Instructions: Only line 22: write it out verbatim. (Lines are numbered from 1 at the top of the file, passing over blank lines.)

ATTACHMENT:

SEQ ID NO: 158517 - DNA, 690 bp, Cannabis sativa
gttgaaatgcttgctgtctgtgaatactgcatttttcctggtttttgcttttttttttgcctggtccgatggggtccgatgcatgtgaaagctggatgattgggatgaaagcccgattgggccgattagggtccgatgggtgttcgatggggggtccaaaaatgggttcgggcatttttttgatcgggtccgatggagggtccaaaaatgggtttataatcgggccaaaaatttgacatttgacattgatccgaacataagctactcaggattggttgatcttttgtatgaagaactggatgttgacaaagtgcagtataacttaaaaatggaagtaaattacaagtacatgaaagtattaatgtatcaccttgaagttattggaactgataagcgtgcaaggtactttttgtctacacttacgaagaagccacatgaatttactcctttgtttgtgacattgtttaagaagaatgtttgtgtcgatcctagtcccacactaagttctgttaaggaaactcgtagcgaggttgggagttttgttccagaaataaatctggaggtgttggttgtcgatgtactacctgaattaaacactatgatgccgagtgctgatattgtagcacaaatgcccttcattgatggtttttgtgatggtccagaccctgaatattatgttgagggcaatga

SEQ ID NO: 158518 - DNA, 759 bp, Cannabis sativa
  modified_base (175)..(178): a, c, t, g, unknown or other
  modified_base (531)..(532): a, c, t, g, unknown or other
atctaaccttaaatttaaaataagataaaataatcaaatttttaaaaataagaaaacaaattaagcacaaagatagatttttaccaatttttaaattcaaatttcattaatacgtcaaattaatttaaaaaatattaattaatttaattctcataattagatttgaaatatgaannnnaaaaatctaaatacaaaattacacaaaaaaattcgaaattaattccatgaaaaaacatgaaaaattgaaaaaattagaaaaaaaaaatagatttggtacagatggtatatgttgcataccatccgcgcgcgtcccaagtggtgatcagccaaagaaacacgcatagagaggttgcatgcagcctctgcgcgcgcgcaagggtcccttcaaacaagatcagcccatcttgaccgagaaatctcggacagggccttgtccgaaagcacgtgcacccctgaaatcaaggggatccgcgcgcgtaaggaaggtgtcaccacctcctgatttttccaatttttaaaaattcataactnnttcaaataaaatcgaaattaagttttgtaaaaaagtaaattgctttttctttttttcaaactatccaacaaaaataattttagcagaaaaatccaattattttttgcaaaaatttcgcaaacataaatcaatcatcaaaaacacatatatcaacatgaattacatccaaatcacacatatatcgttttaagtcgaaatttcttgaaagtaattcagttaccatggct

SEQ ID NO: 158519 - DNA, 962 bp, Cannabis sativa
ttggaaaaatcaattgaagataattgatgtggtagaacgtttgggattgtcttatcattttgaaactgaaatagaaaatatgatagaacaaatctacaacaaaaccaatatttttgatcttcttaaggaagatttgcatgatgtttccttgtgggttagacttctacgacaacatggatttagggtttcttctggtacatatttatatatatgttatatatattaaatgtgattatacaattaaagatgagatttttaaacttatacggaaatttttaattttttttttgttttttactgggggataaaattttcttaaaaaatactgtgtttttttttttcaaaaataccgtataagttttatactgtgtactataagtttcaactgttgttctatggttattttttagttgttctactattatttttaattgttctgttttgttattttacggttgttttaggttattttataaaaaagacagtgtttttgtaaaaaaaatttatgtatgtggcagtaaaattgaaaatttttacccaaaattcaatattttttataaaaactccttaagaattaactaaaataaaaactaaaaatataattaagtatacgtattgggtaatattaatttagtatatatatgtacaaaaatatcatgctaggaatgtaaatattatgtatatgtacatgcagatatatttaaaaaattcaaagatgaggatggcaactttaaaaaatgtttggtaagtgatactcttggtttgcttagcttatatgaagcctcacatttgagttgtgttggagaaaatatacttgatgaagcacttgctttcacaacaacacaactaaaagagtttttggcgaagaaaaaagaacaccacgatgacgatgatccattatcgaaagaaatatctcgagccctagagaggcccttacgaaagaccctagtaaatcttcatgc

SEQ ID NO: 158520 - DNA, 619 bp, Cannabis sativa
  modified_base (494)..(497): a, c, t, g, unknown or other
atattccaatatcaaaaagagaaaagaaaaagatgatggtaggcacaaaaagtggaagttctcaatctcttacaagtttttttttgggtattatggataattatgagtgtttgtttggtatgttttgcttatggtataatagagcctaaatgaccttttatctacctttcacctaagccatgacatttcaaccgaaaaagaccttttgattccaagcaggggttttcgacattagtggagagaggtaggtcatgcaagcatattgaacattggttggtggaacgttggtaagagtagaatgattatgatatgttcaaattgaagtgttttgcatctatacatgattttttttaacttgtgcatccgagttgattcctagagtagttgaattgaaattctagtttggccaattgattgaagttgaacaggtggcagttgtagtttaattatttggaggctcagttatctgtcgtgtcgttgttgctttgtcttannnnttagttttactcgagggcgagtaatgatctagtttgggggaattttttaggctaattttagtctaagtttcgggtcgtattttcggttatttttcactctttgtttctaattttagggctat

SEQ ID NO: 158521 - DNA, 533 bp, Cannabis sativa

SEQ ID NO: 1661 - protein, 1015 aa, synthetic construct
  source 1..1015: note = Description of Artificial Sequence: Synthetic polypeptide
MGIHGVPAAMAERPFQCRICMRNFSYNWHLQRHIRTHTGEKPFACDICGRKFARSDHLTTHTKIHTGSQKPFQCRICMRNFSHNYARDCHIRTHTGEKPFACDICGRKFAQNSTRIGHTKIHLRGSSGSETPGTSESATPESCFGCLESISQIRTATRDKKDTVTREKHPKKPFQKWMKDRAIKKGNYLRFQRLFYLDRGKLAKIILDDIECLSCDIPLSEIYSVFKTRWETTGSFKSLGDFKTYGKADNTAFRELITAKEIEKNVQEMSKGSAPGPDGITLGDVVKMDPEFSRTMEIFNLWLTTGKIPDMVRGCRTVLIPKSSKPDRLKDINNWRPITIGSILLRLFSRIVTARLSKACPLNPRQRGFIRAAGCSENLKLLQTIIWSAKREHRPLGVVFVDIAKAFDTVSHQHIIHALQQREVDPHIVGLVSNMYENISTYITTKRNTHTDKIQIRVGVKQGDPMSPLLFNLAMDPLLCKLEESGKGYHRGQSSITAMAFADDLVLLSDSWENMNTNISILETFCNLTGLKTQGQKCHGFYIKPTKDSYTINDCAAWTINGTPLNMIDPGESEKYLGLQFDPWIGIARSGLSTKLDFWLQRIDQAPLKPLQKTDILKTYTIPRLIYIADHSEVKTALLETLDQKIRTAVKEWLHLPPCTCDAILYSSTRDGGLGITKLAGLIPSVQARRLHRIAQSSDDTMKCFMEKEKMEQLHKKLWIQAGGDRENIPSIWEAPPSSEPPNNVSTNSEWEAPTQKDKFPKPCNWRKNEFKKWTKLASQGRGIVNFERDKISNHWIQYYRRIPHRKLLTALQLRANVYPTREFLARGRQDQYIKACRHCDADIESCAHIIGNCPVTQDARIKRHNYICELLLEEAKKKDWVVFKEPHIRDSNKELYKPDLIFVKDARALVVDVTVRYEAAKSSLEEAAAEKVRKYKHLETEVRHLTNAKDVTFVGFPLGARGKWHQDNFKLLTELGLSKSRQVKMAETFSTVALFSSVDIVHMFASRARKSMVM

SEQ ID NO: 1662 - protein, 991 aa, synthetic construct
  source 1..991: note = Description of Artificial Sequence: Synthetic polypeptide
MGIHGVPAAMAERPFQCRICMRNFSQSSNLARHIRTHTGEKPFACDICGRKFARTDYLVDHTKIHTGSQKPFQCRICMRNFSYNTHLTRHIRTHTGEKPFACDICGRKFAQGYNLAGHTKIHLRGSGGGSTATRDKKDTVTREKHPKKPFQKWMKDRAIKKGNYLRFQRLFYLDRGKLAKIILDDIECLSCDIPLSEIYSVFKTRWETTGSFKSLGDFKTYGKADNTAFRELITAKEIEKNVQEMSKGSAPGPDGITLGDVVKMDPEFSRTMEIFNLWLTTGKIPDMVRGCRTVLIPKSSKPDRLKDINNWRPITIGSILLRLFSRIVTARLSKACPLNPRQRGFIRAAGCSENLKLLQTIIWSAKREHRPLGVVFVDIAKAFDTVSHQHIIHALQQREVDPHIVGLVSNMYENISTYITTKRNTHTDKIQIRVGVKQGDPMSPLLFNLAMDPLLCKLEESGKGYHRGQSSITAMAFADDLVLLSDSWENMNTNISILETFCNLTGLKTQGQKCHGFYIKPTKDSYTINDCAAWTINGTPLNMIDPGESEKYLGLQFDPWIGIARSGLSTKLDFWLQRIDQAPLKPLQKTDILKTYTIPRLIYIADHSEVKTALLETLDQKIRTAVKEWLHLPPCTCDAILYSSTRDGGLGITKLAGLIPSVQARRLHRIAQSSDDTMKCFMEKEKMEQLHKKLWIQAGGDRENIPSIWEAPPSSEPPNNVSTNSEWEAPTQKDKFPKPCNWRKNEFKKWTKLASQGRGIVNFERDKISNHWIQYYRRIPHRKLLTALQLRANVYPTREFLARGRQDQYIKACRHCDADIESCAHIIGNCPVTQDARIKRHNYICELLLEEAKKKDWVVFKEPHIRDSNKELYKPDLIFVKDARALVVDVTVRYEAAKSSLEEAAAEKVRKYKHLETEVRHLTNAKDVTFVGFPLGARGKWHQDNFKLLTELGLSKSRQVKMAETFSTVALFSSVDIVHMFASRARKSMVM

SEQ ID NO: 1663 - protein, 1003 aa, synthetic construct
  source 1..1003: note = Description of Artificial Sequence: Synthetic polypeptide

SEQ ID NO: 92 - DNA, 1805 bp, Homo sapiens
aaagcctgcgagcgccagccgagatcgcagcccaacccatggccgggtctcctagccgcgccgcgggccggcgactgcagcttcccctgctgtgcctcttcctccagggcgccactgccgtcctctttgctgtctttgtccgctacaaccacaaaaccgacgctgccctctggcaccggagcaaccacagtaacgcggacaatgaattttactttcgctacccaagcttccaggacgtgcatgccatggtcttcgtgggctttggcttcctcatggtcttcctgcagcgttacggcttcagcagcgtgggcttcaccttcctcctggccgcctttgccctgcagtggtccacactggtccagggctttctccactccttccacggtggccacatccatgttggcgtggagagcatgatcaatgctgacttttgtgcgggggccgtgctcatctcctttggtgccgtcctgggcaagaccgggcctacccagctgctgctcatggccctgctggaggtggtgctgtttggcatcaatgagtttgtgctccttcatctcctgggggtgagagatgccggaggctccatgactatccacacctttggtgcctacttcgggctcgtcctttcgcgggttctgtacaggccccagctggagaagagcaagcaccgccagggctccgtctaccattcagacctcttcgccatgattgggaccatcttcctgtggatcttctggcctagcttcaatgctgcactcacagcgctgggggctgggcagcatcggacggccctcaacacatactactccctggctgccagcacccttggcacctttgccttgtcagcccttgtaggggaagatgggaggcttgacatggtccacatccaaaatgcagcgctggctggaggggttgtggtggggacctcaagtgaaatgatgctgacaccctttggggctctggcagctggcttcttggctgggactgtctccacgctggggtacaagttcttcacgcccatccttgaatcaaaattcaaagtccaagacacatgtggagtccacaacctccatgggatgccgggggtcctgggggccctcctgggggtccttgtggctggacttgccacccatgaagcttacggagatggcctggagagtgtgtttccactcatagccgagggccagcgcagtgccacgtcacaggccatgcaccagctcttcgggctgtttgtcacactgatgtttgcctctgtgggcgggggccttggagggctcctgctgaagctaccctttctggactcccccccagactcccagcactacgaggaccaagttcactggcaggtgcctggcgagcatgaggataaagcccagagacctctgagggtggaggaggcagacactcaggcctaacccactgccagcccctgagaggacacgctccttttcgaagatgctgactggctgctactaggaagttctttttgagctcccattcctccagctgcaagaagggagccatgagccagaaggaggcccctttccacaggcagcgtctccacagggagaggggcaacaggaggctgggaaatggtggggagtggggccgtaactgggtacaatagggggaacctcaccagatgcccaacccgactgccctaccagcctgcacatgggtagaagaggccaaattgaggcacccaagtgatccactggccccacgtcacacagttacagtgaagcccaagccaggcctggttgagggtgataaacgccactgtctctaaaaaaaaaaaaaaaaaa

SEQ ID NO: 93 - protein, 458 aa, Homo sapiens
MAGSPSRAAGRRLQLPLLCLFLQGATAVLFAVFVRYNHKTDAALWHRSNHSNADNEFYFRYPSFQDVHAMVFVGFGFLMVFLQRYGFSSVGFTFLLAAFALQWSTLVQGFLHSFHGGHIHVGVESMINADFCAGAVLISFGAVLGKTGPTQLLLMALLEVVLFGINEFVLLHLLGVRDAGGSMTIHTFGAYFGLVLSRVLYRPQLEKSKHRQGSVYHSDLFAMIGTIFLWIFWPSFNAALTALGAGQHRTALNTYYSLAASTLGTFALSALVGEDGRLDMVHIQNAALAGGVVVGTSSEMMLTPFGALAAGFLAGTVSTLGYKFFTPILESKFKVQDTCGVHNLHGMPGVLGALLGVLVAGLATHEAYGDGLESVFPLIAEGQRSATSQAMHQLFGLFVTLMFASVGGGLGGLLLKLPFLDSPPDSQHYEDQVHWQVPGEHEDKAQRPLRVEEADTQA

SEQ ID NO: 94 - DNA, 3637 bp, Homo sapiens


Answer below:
aaagcctgcgagcgccagccgagatcgcagcccaacccatggccgggtctcctagccgcgccgcgggccggcgactgcagcttcccctgctgtgcctcttcctccagggcgccactgccgtcctctttgctgtctttgtccgctacaaccacaaaaccgacgctgccctctggcaccggagcaaccacagtaacgcggacaatgaattttactttcgctacccaagcttccaggacgtgcatgccatggtcttcgtgggctttggcttcctcatggtcttcctgcagcgttacggcttcagcagcgtgggcttcaccttcctcctggccgcctttgccctgcagtggtccacactggtccagggctttctccactccttccacggtggccacatccatgttggcgtggagagcatgatcaatgctgacttttgtgcgggggccgtgctcatctcctttggtgccgtcctgggcaagaccgggcctacccagctgctgctcatggccctgctggaggtggtgctgtttggcatcaatgagtttgtgctccttcatctcctgggggtgagagatgccggaggctccatgactatccacacctttggtgcctacttcgggctcgtcctttcgcgggttctgtacaggccccagctggagaagagcaagcaccgccagggctccgtctaccattcagacctcttcgccatgattgggaccatcttcctgtggatcttctggcctagcttcaatgctgcactcacagcgctgggggctgggcagcatcggacggccctcaacacatactactccctggctgccagcacccttggcacctttgccttgtcagcccttgtaggggaagatgggaggcttgacatggtccacatccaaaatgcagcgctggctggaggggttgtggtggggacctcaagtgaaatgatgctgacaccctttggggctctggcagctggcttcttggctgggactgtctccacgctggggtacaagttcttcacgcccatccttgaatcaaaattcaaagtccaagacacatgtggagtccacaacctccatgggatgccgggggtcctgggggccctcctgggggtccttgtggctggacttgccacccatgaagcttacggagatggcctggagagtgtgtttccactcatagccgagggccagcgcagtgccacgtcacaggccatgcaccagctcttcgggctgtttgtcacactgatgtttgcctctgtgggcgggggccttggagggctcctgctgaagctaccctttctggactcccccccagactcccagcactacgaggaccaagttcactggcaggtgcctggcgagcatgaggataaagcccagagacctctgagggtggaggaggcagacactcaggcctaacccactgccagcccctgagaggacacgctccttttcgaagatgctgactggctgctactaggaagttctttttgagctcccattcctccagctgcaagaagggagccatgagccagaaggaggcccctttccacaggcagcgtctccacagggagaggggcaacaggaggctgggaaatggtggggagtggggccgtaactgggtacaatagggggaacctcaccagatgcccaacccgactgccctaccagcctgcacatgggtagaagaggccaaattgaggcacccaagtgatccactggccccacgtcacacagttacagtgaagcccaagccaggcctggttgagggtgataaacgccactgtctctaaaaaaaaaaaaaaaaaa